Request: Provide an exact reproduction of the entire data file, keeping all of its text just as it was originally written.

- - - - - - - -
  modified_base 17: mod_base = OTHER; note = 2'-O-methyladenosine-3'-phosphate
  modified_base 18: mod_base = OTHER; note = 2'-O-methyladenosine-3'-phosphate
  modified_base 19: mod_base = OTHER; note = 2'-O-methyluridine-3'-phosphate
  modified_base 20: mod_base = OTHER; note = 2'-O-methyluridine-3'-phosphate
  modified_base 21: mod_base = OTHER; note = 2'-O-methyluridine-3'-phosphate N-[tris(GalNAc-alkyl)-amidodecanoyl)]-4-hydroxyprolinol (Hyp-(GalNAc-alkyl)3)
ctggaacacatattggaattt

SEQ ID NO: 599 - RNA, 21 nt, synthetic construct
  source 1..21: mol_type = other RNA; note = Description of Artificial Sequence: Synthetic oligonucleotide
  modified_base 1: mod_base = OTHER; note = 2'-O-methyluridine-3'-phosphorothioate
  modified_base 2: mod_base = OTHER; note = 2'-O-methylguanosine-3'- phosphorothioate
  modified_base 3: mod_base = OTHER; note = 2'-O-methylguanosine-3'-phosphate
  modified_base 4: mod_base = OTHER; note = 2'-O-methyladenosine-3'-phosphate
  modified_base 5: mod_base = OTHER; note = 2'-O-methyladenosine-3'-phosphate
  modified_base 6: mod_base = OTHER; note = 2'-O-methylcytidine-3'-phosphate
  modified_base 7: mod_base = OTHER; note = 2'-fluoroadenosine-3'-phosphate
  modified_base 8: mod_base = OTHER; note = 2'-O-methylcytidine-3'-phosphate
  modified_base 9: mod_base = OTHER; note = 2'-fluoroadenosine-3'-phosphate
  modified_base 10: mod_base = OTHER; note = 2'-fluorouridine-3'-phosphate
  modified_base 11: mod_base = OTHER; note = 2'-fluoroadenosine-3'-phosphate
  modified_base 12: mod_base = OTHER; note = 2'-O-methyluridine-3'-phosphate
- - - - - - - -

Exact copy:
  modified_base 17: mod_base = OTHER; note = 2'-O-methyladenosine-3'-phosphate
  modified_base 18: mod_base = OTHER; note = 2'-O-methyladenosine-3'-phosphate
  modified_base 19: mod_base = OTHER; note = 2'-O-methyluridine-3'-phosphate
  modified_base 20: mod_base = OTHER; note = 2'-O-methyluridine-3'-phosphate
  modified_base 21: mod_base = OTHER; note = 2'-O-methyluridine-3'-phosphate N-[tris(GalNAc-alkyl)-amidodecanoyl)]-4-hydroxyprolinol (Hyp-(GalNAc-alkyl)3)
ctggaacacatattggaattt

SEQ ID NO: 599 - RNA, 21 nt, synthetic construct
  source 1..21: mol_type = other RNA; note = Description of Artificial Sequence: Synthetic oligonucleotide
  modified_base 1: mod_base = OTHER; note = 2'-O-methyluridine-3'-phosphorothioate
  modified_base 2: mod_base = OTHER; note = 2'-O-methylguanosine-3'- phosphorothioate
  modified_base 3: mod_base = OTHER; note = 2'-O-methylguanosine-3'-phosphate
  modified_base 4: mod_base = OTHER; note = 2'-O-methyladenosine-3'-phosphate
  modified_base 5: mod_base = OTHER; note = 2'-O-methyladenosine-3'-phosphate
  modified_base 6: mod_base = OTHER; note = 2'-O-methylcytidine-3'-phosphate
  modified_base 7: mod_base = OTHER; note = 2'-fluoroadenosine-3'-phosphate
  modified_base 8: mod_base = OTHER; note = 2'-O-methylcytidine-3'-phosphate
  modified_base 9: mod_base = OTHER; note = 2'-fluoroadenosine-3'-phosphate
  modified_base 10: mod_base = OTHER; note = 2'-fluorouridine-3'-phosphate
  modified_base 11: mod_base = OTHER; note = 2'-fluoroadenosine-3'-phosphate
  modified_base 12: mod_base = OTHER; note = 2'-O-methyluridine-3'-phosphate